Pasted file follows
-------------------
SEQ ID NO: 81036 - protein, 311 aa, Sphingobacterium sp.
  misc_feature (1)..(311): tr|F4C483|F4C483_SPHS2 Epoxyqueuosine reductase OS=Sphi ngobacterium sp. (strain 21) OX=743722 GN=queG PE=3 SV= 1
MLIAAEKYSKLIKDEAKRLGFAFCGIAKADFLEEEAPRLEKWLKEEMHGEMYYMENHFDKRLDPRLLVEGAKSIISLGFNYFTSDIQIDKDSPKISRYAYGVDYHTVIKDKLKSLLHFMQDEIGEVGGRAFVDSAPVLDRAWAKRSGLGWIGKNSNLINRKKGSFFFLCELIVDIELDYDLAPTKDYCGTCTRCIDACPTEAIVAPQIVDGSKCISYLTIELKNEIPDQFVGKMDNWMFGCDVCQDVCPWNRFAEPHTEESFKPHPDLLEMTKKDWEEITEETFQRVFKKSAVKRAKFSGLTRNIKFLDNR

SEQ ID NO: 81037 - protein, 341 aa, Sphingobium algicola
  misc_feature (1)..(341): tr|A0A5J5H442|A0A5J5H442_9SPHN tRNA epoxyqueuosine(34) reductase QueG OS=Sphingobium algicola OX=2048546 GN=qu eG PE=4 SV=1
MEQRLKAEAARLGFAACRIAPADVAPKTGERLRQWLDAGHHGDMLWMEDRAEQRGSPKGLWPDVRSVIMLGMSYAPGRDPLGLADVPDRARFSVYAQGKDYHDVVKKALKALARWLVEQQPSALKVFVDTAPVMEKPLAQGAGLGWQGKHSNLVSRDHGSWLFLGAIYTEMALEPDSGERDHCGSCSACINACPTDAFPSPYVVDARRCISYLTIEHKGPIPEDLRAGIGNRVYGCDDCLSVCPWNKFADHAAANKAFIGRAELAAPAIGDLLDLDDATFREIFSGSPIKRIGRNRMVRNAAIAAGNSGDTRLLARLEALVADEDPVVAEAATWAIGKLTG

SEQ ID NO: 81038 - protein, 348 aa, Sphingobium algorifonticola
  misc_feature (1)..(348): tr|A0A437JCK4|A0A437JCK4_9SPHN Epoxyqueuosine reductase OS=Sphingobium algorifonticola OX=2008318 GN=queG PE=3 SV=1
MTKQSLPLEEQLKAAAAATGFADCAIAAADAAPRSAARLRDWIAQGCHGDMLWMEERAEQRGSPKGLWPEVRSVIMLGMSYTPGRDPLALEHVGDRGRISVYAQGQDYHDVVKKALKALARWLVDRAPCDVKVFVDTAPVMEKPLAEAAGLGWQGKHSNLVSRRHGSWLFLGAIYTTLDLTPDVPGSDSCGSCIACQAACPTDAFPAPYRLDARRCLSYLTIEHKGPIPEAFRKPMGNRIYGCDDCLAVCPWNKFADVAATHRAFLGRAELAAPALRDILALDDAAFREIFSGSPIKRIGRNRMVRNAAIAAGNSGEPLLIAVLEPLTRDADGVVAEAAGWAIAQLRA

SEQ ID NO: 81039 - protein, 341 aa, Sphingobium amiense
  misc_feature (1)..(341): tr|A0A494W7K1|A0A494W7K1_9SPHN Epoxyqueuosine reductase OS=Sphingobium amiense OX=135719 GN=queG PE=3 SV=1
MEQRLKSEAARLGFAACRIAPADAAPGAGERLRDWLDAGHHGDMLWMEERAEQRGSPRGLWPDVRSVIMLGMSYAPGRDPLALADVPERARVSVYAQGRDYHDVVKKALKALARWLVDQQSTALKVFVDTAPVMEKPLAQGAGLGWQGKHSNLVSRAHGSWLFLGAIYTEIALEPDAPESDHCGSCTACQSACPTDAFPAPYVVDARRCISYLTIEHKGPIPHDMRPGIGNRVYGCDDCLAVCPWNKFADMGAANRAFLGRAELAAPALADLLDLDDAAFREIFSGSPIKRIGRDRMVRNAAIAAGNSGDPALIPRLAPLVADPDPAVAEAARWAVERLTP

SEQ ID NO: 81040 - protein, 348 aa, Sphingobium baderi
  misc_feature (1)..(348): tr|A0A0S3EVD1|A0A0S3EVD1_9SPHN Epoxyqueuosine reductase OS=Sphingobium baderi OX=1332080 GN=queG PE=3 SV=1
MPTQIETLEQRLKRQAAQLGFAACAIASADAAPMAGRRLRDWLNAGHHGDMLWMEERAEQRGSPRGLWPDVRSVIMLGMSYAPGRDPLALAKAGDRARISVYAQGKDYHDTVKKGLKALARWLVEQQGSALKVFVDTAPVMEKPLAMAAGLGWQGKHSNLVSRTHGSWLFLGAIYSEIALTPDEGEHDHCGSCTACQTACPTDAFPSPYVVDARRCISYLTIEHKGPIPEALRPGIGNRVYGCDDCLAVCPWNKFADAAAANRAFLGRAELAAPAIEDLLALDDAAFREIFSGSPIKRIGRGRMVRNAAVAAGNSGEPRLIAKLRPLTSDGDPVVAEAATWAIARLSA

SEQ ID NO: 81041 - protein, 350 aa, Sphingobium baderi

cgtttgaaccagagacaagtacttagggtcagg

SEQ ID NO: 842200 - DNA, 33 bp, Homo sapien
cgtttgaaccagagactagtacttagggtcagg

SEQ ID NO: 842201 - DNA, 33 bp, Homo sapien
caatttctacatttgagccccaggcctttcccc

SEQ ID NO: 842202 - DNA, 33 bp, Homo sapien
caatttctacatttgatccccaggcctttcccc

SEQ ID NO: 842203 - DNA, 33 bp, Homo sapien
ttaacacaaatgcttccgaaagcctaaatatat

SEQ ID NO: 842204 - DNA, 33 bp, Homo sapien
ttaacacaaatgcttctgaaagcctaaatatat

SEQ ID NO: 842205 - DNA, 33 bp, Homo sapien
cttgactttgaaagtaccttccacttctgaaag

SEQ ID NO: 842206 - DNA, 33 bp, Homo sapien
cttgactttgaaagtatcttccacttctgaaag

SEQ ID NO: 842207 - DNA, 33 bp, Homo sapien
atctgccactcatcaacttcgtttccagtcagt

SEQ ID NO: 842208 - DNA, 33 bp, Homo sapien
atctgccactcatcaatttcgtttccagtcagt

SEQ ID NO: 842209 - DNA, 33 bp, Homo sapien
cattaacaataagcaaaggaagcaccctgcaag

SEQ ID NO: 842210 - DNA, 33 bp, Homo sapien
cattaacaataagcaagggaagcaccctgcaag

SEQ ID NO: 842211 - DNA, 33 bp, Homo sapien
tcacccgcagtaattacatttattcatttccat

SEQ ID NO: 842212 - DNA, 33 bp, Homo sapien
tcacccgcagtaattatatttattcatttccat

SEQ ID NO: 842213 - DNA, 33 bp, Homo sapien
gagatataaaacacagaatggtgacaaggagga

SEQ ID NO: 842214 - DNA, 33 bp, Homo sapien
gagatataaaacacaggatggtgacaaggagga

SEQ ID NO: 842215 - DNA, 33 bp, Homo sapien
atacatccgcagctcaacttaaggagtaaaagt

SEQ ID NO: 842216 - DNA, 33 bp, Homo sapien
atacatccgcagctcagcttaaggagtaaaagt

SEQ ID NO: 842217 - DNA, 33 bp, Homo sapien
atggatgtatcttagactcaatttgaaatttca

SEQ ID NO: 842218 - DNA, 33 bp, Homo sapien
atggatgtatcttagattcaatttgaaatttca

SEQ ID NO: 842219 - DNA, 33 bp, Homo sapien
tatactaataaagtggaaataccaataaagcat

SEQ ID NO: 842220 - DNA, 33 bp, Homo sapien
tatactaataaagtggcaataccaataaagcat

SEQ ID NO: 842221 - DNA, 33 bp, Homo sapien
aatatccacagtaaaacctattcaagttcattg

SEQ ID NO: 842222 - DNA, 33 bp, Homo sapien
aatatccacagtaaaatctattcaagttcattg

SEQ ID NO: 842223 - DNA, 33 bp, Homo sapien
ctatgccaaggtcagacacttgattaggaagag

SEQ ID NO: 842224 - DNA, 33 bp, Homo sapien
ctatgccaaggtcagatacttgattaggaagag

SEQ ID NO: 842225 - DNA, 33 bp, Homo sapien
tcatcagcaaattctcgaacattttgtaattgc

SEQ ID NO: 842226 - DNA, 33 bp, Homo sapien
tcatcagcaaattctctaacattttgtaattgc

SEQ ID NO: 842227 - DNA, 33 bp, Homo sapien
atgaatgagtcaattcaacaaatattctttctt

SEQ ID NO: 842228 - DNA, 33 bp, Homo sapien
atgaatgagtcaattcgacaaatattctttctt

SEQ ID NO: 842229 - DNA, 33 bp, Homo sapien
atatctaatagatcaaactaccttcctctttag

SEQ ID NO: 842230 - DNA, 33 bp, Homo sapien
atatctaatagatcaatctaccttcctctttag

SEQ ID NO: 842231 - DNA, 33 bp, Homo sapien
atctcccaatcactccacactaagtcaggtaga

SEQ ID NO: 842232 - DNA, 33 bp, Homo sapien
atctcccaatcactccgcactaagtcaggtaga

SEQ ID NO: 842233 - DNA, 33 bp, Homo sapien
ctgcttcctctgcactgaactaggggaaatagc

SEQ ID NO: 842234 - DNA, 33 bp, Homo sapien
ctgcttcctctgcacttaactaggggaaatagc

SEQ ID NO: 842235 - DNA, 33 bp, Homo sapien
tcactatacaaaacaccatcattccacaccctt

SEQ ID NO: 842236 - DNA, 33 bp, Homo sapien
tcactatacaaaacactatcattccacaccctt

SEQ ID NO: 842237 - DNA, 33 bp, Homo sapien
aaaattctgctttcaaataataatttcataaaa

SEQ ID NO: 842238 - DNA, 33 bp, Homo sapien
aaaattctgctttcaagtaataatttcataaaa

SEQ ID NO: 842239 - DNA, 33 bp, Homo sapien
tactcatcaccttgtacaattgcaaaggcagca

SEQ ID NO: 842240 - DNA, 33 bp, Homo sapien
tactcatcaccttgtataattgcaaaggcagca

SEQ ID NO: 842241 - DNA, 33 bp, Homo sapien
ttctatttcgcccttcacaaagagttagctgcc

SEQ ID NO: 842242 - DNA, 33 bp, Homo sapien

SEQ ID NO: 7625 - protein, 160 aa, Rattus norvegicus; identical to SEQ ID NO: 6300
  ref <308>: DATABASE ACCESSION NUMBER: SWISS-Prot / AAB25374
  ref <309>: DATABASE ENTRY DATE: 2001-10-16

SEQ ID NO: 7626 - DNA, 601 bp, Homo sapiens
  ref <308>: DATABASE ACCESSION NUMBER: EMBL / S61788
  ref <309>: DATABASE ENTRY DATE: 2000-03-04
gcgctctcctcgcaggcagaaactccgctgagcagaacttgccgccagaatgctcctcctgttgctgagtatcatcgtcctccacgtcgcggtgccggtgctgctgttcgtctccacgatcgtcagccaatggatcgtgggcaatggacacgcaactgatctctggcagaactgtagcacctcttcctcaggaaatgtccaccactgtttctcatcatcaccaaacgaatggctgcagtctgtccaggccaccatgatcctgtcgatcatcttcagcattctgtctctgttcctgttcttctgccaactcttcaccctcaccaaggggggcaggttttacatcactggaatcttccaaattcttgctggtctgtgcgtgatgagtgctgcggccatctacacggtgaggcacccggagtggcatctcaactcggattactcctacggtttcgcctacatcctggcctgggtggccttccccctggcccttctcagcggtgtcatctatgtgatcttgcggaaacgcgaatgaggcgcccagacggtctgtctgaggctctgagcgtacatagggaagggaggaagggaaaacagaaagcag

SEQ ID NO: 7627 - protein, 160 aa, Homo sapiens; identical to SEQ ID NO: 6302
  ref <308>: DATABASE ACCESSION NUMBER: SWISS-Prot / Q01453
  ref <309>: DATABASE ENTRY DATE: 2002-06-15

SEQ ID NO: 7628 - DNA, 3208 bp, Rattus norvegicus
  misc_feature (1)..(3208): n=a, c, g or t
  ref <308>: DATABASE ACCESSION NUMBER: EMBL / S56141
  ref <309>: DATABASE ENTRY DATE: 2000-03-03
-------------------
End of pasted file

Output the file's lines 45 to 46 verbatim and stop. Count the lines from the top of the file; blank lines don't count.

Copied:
gagatataaaacacagaatggtgacaaggagga

SEQ ID NO: 842214 - DNA, 33 bp, Homo sapien